Receiving Welfare

GAO_Slide

The United States is already bankrupt but refusing to re-organize or even acknowledge its problems.  “According to the most recent tax data, all individuals filing tax returns in America and earning more than $66,193 per year have a total adjusted gross income of $5.1 trillion. In 2006, when corporate taxable income peaked before the recession, all corporations in the U.S. had total income for tax purposes of $1.6 trillion. That comes to $6.7 trillion available to tax from these individuals and corporations under existing tax laws.  In short, if the government confiscated the entire adjusted gross income of these American taxpayers, plus all of the corporate taxable income in the year before the recession, it wouldn’t be nearly enough to fund the over $8 trillion per year in the growth of U.S. liabilities.” ~ Writing in the Wall Street Journal, Mr. Chris Cox, a former chairman of the House Republican Policy Committee and the Securities and Exchange Commission, is president of Bingham Consulting LLC. Mr. Bill Archer, a former chairman of the House Ways & Means Committee, is a senior policy adviser at PricewaterhouseCoopers LLP.    http://online.wsj.com/news/articles/SB10001424127887323353204578127374039087636

Growth Rate of Total Federal Spending versus Growth Rate of Median Household Income

Federal spending

During the economic collapse known as “The Great Depression,” Andrew Mellon, Secretary of the Treasury for under three Presidents, advised U.S. President Herbert Hoover, “Liquidate labor, liquidate stocks, liquidate the farmers, liquidate real estate.  It will purge the rottenness out of the system.  High costs of living and high living will come down.  People will work harder, live a more moral life.  Values will be adjusted, and enterprising people will pick up the wrecks from less competent people.”  “Additionally, he advocated weeding out “weak” banks as a harsh but necessary prerequisite to the recovery of the banking system. This “weeding out” was accomplished through refusing to lend cash to banks (taking loans and other investments as collateral), and by refusing to put more cash in circulation. He advocated spending cuts to keep the federal budget balanced, and opposed fiscal stimulus measures.” (1)  President Hoover rejected Mellon’s advice.  “The Great Depression” lasted fully 10 years, arguably until the U.S. entered World War II.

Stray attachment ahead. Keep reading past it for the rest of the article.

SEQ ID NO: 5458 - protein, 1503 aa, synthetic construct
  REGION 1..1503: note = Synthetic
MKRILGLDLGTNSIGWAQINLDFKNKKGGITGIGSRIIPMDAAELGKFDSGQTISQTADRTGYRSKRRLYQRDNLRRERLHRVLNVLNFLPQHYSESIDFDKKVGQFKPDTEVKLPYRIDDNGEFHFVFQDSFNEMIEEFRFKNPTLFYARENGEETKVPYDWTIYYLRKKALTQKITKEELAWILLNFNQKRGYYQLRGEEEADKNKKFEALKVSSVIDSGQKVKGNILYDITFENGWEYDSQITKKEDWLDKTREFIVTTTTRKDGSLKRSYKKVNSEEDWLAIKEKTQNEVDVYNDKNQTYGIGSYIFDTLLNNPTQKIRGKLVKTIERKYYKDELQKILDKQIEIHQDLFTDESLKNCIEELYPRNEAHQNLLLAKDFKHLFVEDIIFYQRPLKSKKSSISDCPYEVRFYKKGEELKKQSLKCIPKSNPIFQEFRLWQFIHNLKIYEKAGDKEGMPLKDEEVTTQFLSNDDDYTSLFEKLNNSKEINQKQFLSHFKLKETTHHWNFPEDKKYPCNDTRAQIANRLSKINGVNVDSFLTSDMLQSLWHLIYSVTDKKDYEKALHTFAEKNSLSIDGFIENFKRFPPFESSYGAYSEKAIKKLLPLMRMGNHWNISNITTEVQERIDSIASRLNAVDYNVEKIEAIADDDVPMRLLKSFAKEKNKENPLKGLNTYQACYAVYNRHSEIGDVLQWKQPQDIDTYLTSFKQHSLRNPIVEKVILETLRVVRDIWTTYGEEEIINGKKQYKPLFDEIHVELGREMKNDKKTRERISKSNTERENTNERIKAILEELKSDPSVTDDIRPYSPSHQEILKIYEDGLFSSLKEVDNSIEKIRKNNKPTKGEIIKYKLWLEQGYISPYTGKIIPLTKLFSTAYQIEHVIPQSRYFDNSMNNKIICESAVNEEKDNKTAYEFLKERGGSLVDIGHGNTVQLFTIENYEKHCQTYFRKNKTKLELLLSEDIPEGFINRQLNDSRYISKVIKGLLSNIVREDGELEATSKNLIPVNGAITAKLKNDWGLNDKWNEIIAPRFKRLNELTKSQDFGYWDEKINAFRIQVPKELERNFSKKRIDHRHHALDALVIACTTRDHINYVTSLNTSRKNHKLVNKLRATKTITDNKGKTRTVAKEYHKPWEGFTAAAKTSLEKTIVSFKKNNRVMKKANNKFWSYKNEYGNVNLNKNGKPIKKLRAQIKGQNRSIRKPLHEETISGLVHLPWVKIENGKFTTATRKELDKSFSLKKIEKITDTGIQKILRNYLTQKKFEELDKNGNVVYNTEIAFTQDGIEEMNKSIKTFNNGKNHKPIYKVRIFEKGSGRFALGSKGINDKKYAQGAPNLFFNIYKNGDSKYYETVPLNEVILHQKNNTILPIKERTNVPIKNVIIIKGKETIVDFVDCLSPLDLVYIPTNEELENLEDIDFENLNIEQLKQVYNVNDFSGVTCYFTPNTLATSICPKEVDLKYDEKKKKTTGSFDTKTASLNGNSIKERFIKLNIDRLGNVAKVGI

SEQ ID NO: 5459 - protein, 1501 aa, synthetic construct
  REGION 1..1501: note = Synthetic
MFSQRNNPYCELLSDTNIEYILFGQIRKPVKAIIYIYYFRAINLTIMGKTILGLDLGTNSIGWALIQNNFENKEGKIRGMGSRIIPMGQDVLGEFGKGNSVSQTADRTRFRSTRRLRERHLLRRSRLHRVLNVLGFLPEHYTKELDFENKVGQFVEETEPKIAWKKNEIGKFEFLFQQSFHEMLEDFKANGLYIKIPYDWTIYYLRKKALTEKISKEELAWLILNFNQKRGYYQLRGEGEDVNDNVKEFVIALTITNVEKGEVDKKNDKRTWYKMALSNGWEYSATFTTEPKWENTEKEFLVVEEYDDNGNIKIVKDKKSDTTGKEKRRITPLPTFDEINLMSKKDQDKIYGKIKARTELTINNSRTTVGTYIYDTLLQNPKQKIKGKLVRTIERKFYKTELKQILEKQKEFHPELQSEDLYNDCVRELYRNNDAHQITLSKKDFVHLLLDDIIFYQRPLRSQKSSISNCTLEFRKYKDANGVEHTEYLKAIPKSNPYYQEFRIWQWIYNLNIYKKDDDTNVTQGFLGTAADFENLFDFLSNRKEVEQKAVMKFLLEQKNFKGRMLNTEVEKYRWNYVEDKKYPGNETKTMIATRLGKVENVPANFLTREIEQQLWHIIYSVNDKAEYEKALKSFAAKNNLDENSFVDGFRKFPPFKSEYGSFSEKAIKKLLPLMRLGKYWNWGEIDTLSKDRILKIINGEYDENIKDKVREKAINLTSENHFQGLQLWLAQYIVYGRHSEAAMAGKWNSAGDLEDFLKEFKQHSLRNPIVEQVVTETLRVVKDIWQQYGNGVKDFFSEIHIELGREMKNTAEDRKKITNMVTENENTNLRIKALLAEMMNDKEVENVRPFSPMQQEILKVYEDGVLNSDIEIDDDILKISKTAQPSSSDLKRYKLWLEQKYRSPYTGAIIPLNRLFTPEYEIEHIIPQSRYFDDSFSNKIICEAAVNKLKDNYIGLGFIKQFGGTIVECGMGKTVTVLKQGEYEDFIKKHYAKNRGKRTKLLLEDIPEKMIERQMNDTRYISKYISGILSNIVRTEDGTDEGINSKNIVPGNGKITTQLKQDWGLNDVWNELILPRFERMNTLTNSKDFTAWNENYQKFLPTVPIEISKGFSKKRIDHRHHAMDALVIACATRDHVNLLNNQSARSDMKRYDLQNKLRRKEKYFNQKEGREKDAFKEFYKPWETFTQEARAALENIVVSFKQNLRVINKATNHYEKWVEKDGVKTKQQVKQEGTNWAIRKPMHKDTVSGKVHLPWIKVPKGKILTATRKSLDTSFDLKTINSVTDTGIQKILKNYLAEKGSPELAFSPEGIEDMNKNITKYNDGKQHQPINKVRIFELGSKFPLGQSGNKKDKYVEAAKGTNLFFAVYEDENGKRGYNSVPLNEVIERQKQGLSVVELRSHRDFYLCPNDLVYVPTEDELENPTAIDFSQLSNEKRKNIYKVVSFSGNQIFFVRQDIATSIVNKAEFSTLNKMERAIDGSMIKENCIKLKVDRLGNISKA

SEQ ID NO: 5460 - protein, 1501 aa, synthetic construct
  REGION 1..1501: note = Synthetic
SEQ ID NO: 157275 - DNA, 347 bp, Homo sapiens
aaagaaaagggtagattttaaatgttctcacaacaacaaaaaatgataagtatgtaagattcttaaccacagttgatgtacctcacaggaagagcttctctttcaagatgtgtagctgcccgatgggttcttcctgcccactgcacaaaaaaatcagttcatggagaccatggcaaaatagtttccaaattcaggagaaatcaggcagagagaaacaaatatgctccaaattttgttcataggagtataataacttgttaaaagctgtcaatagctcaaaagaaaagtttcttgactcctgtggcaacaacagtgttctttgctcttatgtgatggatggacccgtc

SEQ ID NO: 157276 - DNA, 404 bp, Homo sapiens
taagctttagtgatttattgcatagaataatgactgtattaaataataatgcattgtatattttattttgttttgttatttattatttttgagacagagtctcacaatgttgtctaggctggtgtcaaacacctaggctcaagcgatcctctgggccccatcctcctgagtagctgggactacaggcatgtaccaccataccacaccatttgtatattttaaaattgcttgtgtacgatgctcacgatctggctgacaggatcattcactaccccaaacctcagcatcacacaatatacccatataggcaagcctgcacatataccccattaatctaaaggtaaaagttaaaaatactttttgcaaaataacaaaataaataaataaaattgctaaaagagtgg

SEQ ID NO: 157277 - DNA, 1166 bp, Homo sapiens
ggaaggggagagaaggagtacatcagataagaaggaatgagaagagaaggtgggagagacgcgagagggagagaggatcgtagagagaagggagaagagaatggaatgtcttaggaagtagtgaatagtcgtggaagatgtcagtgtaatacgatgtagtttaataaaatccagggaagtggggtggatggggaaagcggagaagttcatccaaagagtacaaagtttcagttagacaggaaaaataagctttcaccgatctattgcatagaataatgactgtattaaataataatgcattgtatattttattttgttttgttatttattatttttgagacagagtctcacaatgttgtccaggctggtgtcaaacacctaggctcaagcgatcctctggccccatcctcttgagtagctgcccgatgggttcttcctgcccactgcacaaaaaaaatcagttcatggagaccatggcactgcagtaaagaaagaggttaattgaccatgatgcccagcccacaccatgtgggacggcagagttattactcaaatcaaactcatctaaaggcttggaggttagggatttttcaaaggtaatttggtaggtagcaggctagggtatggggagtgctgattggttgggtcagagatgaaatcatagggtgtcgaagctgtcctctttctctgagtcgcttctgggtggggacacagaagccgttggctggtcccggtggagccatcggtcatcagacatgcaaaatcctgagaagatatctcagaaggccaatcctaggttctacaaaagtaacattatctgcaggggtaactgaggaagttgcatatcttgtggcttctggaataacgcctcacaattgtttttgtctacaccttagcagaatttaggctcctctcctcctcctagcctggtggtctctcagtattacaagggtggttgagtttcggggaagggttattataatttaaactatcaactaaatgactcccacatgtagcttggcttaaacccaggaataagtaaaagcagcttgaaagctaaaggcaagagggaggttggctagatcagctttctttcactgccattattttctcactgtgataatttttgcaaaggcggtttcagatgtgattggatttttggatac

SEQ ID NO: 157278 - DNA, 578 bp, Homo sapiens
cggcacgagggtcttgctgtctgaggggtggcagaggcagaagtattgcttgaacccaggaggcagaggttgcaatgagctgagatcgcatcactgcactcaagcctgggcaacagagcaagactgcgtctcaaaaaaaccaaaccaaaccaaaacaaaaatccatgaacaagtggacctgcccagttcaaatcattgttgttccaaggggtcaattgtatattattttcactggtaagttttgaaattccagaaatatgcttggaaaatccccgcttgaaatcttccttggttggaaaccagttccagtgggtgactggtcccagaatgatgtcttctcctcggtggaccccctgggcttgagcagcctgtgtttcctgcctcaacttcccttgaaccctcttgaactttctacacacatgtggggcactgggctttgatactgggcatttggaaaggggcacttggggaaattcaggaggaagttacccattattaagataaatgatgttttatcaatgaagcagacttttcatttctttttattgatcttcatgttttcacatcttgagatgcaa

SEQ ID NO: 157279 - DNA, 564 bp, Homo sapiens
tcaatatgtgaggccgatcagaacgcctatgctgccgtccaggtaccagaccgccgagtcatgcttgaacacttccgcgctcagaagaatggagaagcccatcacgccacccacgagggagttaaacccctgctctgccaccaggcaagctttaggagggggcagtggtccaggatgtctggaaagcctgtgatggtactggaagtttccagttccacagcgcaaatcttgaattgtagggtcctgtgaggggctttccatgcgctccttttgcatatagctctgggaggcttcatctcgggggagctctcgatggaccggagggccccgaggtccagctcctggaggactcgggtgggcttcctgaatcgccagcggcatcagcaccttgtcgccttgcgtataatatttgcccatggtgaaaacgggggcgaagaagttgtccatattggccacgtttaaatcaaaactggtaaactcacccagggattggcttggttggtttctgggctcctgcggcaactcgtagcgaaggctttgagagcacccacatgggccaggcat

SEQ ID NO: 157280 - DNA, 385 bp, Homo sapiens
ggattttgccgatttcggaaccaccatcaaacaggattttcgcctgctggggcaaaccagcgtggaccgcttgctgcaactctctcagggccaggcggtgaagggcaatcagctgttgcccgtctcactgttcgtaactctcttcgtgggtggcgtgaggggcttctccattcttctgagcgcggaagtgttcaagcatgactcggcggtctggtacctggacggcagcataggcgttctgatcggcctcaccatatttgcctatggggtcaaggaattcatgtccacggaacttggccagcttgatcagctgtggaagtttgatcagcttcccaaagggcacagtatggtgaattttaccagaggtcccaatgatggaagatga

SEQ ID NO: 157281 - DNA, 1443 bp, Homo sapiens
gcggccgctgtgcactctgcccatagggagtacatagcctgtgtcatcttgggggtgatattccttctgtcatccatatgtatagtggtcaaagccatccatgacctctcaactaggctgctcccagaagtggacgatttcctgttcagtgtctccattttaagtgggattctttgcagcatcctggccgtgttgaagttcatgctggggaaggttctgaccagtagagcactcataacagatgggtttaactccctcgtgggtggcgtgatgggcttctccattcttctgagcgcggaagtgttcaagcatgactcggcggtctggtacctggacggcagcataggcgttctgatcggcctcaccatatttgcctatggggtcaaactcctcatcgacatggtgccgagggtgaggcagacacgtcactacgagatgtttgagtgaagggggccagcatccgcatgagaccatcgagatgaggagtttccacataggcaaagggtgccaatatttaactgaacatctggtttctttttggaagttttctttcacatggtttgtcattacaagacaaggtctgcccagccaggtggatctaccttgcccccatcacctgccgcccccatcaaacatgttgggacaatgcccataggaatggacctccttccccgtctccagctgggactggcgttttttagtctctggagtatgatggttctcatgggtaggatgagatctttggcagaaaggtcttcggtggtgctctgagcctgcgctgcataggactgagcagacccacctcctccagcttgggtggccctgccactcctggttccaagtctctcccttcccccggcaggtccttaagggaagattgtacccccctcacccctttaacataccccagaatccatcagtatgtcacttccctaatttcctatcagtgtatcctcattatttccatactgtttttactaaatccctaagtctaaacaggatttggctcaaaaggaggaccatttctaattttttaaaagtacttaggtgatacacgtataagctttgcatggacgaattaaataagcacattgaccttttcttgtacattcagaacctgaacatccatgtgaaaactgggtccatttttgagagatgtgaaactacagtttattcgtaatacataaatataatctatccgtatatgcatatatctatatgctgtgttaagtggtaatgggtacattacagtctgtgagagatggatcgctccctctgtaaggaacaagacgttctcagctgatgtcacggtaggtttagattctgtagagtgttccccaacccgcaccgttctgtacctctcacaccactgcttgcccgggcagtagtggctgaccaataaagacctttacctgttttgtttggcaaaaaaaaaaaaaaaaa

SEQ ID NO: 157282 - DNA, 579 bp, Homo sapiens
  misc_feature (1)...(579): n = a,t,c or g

That was then.  Today, the mal-investments are in different places than they were in 1928.  Today, the United States needs to liquidate many agencies of government at all levels, re-institute banking laws such as the Glass-Steagall Act (The Banking Act of 1933), weed out high risk derivatives trading by too-big-to-fail banks, restore solvent banking practices and eliminate zero reserve banking, regain public control of the Federal Reserve System and institute prudent banking practices there.  We also must eliminate all U.S. liabilities to global banks such as the International Monetary Fund and World Bank, and eliminate obligations to the United Nations and similar supranational agencies because these supranational agencies cannot be managed under the U.S. Constitutional system of law without relinquishing the sovereign liberties of American citizens.  Foreign aid must be eliminated for some years; it is financial insanity to borrow from one country and give it to a third country.  The total burden of regulations on private industry must be reduced and optimized.

Cost per federal regulator

As in the Great Depression, if we do not act appropriately, these liquidations will occur whether we like it not.  We will have what has been called “creative destruction.”  We have a choice to insert new politicians who will manage the liquidations to minimize the pain and suffering, or else we can continue to ignore our incompetent, thieving, debt-and-power-addicted politicians and then economy and government will certainly crash, perhaps brought about by violent efforts to overthrow our corrupted government in an American Spring, or perhaps brought about by a futile and unnecessary war with dissatisfied creditor nations.

(1) http://en.wikipedia.org/wiki/Andrew_W._Mellon

About budbromley

Life sciences executive, retired
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One Response to “Liquidate, liquidate, liquidate !”

  1. Doug Forsyth says:

    Excellent article and one that reflects my beliefs. Unfortunately it is not Washingtons belief. Their only concern is themselves.

    Date: Thu, 17 Oct 2013 18:43:18 +0000 To: publicist@live.com.au

    Like